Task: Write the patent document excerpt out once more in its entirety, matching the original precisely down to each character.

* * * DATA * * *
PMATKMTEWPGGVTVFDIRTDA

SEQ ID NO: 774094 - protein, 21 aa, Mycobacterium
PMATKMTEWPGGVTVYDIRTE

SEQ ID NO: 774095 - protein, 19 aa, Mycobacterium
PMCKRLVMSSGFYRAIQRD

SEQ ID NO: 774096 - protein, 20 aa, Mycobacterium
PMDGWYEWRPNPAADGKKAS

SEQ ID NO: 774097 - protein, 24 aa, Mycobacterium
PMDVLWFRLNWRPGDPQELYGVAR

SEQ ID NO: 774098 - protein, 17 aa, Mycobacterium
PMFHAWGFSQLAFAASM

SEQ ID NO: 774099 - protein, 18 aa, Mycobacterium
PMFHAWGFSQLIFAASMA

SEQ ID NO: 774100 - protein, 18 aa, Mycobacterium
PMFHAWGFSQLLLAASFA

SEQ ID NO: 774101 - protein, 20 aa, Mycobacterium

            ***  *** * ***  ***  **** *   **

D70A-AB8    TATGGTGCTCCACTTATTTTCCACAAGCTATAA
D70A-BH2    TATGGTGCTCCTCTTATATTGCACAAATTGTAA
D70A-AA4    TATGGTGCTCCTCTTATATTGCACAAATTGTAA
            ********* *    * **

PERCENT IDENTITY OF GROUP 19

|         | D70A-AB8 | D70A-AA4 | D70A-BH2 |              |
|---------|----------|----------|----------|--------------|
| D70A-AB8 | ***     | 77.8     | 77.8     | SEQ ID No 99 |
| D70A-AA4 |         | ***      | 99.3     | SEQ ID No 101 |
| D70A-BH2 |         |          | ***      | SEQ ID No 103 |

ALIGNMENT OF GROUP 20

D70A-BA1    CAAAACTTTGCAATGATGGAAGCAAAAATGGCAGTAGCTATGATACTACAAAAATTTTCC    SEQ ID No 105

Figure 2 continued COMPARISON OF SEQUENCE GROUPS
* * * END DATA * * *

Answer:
PMATKMTEWPGGVTVFDIRTDA

SEQ ID NO: 774094 - protein, 21 aa, Mycobacterium
PMATKMTEWPGGVTVYDIRTE

SEQ ID NO: 774095 - protein, 19 aa, Mycobacterium
PMCKRLVMSSGFYRAIQRD

SEQ ID NO: 774096 - protein, 20 aa, Mycobacterium
PMDGWYEWRPNPAADGKKAS

SEQ ID NO: 774097 - protein, 24 aa, Mycobacterium
PMDVLWFRLNWRPGDPQELYGVAR

SEQ ID NO: 774098 - protein, 17 aa, Mycobacterium
PMFHAWGFSQLAFAASM

SEQ ID NO: 774099 - protein, 18 aa, Mycobacterium
PMFHAWGFSQLIFAASMA

SEQ ID NO: 774100 - protein, 18 aa, Mycobacterium
PMFHAWGFSQLLLAASFA

SEQ ID NO: 774101 - protein, 20 aa, Mycobacterium

            ***  *** * ***  ***  **** *   **

D70A-AB8    TATGGTGCTCCACTTATTTTCCACAAGCTATAA
D70A-BH2    TATGGTGCTCCTCTTATATTGCACAAATTGTAA
D70A-AA4    TATGGTGCTCCTCTTATATTGCACAAATTGTAA
            ********* *    * **

PERCENT IDENTITY OF GROUP 19

|         | D70A-AB8 | D70A-AA4 | D70A-BH2 |              |
|---------|----------|----------|----------|--------------|
| D70A-AB8 | ***     | 77.8     | 77.8     | SEQ ID No 99 |
| D70A-AA4 |         | ***      | 99.3     | SEQ ID No 101 |
| D70A-BH2 |         |          | ***      | SEQ ID No 103 |

ALIGNMENT OF GROUP 20

D70A-BA1    CAAAACTTTGCAATGATGGAAGCAAAAATGGCAGTAGCTATGATACTACAAAAATTTTCC    SEQ ID No 105

Figure 2 continued COMPARISON OF SEQUENCE GROUPS